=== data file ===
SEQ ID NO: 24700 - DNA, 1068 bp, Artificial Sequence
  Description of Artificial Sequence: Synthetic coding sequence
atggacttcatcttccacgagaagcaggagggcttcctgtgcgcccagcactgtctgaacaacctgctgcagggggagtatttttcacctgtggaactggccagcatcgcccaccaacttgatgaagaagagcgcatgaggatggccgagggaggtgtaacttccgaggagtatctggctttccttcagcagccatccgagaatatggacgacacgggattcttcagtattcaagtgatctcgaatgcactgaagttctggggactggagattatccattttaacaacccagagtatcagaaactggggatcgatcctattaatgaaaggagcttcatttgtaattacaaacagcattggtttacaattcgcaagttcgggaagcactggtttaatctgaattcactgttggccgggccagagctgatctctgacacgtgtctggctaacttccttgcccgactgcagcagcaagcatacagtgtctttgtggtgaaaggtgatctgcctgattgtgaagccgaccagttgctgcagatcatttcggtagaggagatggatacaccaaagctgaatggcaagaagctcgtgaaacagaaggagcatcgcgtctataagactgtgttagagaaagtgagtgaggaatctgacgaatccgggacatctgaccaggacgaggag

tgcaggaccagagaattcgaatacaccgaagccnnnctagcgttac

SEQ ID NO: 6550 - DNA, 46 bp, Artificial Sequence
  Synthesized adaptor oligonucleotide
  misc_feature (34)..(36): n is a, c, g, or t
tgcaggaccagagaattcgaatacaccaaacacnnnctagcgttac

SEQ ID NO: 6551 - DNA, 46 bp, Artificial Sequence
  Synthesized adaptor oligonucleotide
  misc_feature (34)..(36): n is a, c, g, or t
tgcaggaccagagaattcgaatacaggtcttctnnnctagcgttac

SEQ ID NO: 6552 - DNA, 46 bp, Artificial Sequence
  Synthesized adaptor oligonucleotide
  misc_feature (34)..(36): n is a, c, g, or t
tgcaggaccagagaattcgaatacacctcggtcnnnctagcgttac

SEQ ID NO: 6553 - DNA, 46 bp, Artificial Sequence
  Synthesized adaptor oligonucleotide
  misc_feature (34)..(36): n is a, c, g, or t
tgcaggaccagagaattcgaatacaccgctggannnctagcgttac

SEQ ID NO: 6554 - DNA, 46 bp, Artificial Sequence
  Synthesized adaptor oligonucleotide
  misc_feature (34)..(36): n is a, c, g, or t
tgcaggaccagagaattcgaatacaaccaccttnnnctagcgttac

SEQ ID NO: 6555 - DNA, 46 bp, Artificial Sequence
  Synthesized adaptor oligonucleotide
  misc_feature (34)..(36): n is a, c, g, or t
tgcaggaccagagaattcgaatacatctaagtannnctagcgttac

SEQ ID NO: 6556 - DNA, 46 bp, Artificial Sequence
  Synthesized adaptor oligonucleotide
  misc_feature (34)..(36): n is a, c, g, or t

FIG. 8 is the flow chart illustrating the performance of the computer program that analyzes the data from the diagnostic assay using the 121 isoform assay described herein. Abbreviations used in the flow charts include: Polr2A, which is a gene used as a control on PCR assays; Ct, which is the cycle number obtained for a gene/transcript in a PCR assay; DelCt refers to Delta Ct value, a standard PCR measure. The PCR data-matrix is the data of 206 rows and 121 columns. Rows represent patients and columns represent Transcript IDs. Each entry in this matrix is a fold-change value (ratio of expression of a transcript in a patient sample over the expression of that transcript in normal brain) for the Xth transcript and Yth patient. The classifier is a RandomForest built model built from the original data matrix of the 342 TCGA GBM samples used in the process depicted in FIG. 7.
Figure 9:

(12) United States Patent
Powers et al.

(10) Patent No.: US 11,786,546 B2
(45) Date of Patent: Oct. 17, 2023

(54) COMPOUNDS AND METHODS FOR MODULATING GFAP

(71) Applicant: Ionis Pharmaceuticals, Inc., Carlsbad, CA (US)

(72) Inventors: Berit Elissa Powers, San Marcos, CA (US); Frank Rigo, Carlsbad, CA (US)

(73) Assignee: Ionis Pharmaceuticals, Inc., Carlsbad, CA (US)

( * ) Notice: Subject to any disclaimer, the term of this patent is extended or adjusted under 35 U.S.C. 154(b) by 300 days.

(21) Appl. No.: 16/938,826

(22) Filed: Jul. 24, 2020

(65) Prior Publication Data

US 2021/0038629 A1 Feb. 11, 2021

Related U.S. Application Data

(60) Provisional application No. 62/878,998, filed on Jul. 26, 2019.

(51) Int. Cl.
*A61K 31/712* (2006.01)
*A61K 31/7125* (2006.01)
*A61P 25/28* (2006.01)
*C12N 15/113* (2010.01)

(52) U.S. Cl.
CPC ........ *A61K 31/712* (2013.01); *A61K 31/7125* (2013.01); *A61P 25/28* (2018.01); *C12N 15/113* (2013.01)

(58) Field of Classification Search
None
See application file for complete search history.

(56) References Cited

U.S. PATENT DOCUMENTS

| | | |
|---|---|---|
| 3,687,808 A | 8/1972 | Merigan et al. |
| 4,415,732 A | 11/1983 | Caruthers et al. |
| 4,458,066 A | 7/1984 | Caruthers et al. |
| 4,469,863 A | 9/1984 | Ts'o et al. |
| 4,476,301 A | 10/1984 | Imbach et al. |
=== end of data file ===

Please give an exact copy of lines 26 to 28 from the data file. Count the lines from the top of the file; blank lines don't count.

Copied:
  Synthesized adaptor oligonucleotide
  misc_feature (34)..(36): n is a, c, g, or t
tgcaggaccagagaattcgaatacatctaagtannnctagcgttac